My kids love RS4K, and at the ages they are at I am satisfied that they are not only learning science but also learning to love science. The latter is huge for me, and I honestly have no problem clarifying things that we may run across that aren't in line with what we believe. My kids are already aware of the evolution/creation issue, and I have made clear to them that, for me, science and religion are separate things and you can't use science to prove religion or vice versa.

Tara

#26 54879525

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Posted 14 September 2011 - 07:57 AM

In the last chapter of the pre-level chemistry text, it says that kids' bodies are "designed" to be unique. I know that there has been a big kerfuffle about the use of the word designed. Personally, I think people are way over-reading-into (?) that. I read the text as written to my kids, who do not believe in any god, and my dd said, "Who designs our bodies?" I said, "Nature and evolution," and on we went.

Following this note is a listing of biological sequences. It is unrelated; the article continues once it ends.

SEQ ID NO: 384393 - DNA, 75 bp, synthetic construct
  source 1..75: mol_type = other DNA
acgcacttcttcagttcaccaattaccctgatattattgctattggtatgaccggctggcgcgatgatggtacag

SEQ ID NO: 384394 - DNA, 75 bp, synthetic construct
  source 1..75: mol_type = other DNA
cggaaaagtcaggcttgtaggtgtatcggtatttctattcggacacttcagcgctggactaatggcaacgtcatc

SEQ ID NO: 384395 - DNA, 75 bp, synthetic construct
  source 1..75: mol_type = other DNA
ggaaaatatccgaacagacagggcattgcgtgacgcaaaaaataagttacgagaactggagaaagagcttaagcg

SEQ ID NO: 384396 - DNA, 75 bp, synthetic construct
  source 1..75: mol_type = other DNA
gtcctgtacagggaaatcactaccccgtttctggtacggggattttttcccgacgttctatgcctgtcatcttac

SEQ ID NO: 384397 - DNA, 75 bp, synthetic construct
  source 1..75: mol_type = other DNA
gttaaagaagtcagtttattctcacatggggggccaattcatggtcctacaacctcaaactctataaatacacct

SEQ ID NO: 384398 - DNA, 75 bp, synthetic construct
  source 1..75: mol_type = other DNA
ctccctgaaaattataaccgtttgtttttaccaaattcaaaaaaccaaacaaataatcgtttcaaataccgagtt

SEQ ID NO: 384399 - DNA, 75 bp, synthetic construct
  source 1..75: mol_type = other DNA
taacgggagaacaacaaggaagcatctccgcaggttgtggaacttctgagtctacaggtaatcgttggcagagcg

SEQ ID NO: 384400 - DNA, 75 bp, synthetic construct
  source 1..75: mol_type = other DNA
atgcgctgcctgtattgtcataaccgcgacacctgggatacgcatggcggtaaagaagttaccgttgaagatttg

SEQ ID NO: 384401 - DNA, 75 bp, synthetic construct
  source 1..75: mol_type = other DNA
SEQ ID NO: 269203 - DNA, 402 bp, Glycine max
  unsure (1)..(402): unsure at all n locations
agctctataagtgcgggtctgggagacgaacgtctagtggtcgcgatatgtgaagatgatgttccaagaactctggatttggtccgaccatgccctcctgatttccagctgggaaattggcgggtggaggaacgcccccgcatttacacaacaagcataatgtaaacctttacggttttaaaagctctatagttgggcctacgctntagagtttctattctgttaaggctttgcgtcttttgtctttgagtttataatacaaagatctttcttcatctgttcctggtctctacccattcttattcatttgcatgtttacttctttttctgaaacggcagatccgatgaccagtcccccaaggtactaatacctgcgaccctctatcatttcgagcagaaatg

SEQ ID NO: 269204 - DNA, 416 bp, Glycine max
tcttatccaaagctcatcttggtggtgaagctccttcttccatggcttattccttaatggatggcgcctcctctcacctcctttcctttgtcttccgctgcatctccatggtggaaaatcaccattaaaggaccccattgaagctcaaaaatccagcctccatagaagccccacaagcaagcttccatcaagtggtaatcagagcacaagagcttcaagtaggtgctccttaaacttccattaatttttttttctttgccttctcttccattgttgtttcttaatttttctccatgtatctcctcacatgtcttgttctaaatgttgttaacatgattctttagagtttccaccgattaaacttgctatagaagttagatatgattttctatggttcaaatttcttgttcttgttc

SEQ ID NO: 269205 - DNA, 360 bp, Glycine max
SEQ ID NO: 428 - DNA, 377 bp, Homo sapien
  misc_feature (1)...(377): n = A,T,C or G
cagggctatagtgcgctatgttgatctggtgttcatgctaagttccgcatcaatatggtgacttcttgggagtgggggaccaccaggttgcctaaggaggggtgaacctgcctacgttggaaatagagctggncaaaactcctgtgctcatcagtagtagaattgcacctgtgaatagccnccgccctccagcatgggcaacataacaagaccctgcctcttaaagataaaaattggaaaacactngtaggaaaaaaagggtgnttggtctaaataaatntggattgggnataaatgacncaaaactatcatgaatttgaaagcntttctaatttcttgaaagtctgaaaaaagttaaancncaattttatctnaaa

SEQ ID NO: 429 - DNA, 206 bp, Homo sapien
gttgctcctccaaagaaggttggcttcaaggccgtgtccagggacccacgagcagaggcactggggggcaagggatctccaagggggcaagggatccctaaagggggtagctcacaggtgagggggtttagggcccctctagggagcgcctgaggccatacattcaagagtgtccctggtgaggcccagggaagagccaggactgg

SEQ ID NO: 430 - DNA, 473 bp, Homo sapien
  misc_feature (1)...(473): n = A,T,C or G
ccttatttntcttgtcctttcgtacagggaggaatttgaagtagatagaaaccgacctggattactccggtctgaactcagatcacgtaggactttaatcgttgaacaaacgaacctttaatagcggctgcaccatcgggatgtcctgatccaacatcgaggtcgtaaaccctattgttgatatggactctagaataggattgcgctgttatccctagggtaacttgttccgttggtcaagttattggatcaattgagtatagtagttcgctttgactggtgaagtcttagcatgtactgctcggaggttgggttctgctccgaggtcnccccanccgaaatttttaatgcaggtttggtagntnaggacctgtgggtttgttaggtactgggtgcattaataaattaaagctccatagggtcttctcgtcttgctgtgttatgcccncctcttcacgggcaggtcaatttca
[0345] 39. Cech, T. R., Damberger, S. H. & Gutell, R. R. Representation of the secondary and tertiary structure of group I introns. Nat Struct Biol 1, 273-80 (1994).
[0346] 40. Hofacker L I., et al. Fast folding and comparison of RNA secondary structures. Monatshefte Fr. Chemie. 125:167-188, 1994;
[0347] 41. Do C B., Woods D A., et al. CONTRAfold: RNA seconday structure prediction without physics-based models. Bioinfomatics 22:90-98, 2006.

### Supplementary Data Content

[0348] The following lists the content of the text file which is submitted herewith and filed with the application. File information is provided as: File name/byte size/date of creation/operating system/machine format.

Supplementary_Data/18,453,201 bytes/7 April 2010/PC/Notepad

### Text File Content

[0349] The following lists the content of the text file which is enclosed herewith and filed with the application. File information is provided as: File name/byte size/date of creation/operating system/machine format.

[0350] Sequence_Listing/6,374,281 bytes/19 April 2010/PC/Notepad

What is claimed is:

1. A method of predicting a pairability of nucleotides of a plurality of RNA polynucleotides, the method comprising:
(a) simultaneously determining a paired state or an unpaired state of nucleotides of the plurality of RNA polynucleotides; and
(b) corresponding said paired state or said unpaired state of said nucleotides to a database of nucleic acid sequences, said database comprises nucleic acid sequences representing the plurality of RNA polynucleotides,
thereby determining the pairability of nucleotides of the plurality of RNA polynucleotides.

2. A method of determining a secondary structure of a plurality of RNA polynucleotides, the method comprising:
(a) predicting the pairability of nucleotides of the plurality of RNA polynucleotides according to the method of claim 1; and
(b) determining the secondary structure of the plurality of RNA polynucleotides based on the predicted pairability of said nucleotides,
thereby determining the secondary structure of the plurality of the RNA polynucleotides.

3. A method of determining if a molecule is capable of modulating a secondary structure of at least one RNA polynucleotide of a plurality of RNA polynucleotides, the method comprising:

I have not read all of the RS4K texts. I have read the pre-level texts, and I have read one and am in the process of reading a second the the level 1 texts. Personally, I find nothing in them that makes me feel like my kids' religious/cosmological/scientific ideas are going to be undermined, and I am pretty sensitive to that as a practitioner of a non-Christian religion in a Christian-dominated culture. I understand that people have ideological oppositions to Dr. Keller and her purported lack of forthrightness about her curriculum (I say purported because I have not looked into it myself). I have ideological opposition to BJU curricula because of their ban on interracial dating (which I know has been lifted). But ...